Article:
The Constellation Sagittarius

by Dominic Ford
Sagittarius Sagittarius
The constellation Sagittarius. Roll mouse over to see labels.
Source: Stellarium.

Sagittarius is a large southern constellation which spans the declination range δ=12°S to δ=45°S. It appears highest in the evening sky in the months around July.

This area of the sky looks directly towards the center of the Milky Way, which is marked by the radio source Sgr A. This makes it the richest of all the constellations for deep sky objects, including no fewer than fifteen open clusters and eighteen globular clusters brighter than tenth magnitude. Among these is M22, the fifth brightest globular cluster in the sky.

It is also home to the diffuse ninth-magnitude galaxy NGC 6822, also known as Caldwell 57.

Sagittarius is one of the twelve members of the zodiac, and the Sun passes through it each year between mid-December and mid-January.

Sagittarius is usually depicted as a centaur (half horse, half man) holding a bow and arrow. The constellation is of Sumerian origin and was subsequently adopted by the Greeks, leading to some uncertainty over the archer's identity. According to Eratosthenes, the archer is Crotus, nurse to the Muses and the inventor of archery. However, this association is problematic as Crotus was not a centaur, but rather a satyr.

Date First Appeared
Ancient
Sky Area
2.1% of the sky
867.4 square degrees
Messier Objects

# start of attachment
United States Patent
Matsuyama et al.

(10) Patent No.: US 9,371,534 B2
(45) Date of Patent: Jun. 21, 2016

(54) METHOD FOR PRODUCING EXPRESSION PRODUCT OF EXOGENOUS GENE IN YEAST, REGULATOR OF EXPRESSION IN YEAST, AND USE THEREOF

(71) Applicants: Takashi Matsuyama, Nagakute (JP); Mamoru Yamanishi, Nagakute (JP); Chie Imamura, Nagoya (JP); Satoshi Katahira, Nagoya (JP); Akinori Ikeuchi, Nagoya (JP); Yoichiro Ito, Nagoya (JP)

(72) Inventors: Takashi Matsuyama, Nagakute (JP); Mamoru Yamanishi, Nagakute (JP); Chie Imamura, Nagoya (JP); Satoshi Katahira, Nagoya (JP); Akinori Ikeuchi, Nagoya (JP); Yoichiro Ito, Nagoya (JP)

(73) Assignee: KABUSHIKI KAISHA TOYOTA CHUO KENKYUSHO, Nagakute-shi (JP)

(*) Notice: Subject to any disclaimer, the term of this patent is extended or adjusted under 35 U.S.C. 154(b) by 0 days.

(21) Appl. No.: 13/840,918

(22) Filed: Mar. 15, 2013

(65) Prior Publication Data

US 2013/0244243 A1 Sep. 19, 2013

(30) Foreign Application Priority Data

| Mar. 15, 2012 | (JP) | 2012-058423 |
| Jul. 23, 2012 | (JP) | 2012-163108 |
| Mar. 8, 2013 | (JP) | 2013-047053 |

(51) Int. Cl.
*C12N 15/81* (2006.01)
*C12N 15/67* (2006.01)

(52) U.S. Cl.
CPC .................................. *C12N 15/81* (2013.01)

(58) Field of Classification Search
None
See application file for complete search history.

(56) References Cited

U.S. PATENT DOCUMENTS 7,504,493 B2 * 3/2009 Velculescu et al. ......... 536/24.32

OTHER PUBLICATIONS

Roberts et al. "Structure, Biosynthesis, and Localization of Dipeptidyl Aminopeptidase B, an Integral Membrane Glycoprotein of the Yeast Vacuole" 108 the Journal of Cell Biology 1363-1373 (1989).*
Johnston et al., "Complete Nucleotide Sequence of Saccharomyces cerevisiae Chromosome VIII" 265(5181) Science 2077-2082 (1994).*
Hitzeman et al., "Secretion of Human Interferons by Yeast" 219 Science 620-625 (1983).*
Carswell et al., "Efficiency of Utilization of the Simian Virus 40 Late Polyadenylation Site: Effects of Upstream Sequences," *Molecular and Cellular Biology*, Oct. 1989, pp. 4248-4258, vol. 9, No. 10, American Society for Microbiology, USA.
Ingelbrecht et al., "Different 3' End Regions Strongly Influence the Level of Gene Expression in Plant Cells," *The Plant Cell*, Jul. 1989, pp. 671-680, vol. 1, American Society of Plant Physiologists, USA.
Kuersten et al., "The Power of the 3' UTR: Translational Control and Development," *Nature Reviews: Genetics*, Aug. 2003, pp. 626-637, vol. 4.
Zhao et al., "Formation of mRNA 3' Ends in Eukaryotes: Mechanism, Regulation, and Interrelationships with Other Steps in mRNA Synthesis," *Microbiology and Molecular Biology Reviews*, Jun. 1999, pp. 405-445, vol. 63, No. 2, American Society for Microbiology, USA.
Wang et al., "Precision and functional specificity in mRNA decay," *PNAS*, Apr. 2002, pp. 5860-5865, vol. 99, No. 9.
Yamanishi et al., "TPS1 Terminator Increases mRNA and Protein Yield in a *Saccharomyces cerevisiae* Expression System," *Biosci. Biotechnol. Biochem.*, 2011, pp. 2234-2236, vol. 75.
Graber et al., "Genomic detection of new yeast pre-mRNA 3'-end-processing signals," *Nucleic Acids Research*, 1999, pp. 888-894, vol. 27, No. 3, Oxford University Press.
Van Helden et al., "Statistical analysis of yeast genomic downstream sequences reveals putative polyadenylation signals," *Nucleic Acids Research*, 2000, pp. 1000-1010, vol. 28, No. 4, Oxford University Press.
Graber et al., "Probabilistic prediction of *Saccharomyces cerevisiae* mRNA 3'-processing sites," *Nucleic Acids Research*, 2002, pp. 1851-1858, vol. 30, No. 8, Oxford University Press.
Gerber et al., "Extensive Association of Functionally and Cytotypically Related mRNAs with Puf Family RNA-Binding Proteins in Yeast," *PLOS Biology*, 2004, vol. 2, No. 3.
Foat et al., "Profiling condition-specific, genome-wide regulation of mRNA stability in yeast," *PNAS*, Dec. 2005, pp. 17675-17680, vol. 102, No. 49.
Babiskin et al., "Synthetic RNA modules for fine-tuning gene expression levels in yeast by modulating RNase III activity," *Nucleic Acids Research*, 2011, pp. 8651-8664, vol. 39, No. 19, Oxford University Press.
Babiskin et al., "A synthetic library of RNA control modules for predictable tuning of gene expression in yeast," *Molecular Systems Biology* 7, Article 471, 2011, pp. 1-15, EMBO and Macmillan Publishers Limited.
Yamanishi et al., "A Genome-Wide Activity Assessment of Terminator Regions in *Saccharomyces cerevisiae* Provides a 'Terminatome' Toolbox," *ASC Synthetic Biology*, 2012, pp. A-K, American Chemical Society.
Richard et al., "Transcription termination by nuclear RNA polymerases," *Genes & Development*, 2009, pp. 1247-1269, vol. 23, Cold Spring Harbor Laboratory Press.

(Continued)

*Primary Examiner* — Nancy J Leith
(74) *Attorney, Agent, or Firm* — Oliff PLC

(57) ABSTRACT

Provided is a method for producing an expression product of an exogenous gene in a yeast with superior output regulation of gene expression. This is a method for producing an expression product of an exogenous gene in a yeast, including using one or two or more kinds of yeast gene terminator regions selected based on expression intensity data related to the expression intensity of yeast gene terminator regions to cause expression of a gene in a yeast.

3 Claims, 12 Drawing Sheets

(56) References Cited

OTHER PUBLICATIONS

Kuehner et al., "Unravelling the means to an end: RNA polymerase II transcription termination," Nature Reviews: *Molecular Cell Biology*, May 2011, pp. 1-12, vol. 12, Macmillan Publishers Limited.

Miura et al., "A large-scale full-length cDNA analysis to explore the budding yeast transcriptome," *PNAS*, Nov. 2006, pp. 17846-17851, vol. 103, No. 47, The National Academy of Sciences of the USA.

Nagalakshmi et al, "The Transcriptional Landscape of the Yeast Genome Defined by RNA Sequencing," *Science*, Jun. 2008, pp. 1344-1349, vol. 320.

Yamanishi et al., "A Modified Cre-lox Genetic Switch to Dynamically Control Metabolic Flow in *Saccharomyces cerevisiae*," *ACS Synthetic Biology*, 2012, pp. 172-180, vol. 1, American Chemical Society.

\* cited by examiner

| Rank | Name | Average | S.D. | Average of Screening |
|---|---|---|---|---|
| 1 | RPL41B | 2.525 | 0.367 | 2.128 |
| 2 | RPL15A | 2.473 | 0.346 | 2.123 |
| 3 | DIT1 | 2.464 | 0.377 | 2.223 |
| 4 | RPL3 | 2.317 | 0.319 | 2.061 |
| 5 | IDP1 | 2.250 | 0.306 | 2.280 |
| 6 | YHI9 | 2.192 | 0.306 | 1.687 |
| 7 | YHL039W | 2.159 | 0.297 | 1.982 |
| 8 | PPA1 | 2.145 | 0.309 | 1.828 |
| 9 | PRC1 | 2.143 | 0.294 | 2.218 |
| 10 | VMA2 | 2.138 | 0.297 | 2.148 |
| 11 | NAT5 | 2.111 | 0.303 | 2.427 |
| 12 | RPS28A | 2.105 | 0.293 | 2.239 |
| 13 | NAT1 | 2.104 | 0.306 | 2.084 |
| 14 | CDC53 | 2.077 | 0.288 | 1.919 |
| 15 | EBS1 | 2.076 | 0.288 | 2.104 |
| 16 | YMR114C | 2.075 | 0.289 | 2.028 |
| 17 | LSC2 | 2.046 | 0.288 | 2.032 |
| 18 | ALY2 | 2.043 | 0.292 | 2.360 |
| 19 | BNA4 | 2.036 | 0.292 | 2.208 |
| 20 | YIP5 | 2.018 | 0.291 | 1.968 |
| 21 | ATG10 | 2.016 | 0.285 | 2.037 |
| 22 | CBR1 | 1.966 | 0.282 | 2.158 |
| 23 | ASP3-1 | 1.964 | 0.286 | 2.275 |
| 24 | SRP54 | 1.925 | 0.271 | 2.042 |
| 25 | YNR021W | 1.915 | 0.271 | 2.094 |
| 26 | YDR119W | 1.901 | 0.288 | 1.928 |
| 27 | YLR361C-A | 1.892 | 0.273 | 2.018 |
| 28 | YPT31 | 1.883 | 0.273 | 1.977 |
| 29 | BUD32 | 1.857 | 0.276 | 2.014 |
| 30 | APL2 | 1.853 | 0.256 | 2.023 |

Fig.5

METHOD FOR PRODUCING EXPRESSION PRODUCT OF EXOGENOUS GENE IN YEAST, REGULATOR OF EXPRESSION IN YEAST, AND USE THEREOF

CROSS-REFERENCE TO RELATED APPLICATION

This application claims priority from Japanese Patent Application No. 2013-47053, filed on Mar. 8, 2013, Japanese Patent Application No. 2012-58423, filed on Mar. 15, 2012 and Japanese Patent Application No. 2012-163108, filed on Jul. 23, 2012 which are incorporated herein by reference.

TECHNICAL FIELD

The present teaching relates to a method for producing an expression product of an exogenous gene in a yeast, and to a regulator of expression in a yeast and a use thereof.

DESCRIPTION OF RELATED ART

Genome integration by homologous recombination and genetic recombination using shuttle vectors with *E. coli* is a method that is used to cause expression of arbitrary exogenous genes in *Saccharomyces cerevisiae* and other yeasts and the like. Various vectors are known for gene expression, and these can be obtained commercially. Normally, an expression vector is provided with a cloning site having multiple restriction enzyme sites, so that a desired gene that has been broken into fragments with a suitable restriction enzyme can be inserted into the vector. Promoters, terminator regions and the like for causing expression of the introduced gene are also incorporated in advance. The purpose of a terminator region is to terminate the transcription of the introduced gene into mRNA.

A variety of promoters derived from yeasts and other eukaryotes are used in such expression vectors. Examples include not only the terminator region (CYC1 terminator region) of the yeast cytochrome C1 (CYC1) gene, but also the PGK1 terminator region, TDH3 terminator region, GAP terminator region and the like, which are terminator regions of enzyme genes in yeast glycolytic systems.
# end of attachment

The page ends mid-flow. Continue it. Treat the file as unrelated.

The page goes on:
Sagittarius contains the following Messier objects: M8, M17, M18, M20, M21, M22, M23, M24, M25, M28, M54, M55, M69, M70, M75.
Caldwell Objects
Sagittarius contains the following Caldwell object: C57.
Neighbors
The following constellations neighbor Sagittarius: Aquila, Capricornus, Corona Australis, Indus, Microscopium, Ophiuchus, Scorpius, Scutum, Serpens Cauda, Telescopium.
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Brightest Objects in Sagittarius

Stars Open Clusters Globular Clusters Galaxies
Stars Open Clusters Globular Clusters Galaxies
Kaus Australis (mag 1.8) NGC 6530 (mag 4.6) Messier 22 (mag 5.1) IC 4895 (mag 8.0)
Nunki (mag 2.1) Messier 25 (mag 4.6) Messier 28 (mag 6.9) NGC 6822 (mag 9.0)
Ascella (mag 2.6) Messier 23 (mag 5.5) Messier 55 (mag 7.0) NGC 6835 (mag 12.5)
Kaus Media (mag 2.7) Messier 21 (mag 5.9) NGC 6723 (mag 7.3) NGC 6890 (mag 12.5)
Kaus Borealis (mag 2.8) Messier 17 (mag 6.0) Messier 69 (mag 7.7) NGC 6902 (mag 13.0)
π-Sgr (mag 2.9) Messier 20 (mag 6.3) Messier 54 (mag 7.7) NGC 6836 (mag 13.0)
Alnasl (mag 3.0) NGC 6716 (mag 6.9) Messier 70 (mag 8.1) NGC 6878 (mag 13.4)
η-Sgr (mag 3.1) Messier 18 (mag 6.9) NGC 6544 (mag 8.3) NGC 6794
φ-Sgr (mag 3.1) NGC 6595 (mag 7.0) NGC 6553 (mag 8.3) NGC 6841
τ-Sgr (mag 3.3) NGC 6469 (mag 8.0) NGC 6624 (mag 8.3) IC 4913
ξ²-Sgr (mag 3.5) NGC 6647 (mag 8.0) Messier 75 (mag 8.6) IC 4998
O-Sgr (mag 3.8) NGC 6520 (mag 8.0) NGC 6522 (mag 8.6) NGC 6805
μ-Sgr (mag 3.8) NGC 6546 (mag 8.0) NGC 6569 (mag 8.7) IC 1309
ρ¹-Sgr (mag 3.9) NGC 6645 (mag 9.0) NGC 6642 (mag 8.8) IC 4931
Rukbat (mag 3.9) NGC 6568 (mag 9.0) NGC 6652 (mag 8.9) IC 5018
Arkab Prior (mag 3.9) NGC 6507 (mag 10.0) NGC 6638 (mag 9.2) NGC 6806
ι-Sgr (mag 4.1) NGC 6583 (mag 10.0) NGC 6528 (mag 9.5) IC 4991
Arkab Posterior (mag 4.3) NGC 6603 (mag 11.0) NGC 6440 (mag 9.7)
θ¹-Sgr (mag 4.3) NGC 6540 (mag 15.0) NGC 6558
V3872 Sgr (mag 4.5) NGC 6561 NGC 6717
b¹-Sgr (mag 4.5) NGC 6737
HD 165634 (mag 4.6) NGC 6596
υ-Sgr (mag 4.6) NGC 6774
X Sgr (mag 4.6)
h²-Sgr (mag 4.6)

Newark

Latitude:
Longitude:
Timezone:

40.74°N
74.17°W
EDT

Color scheme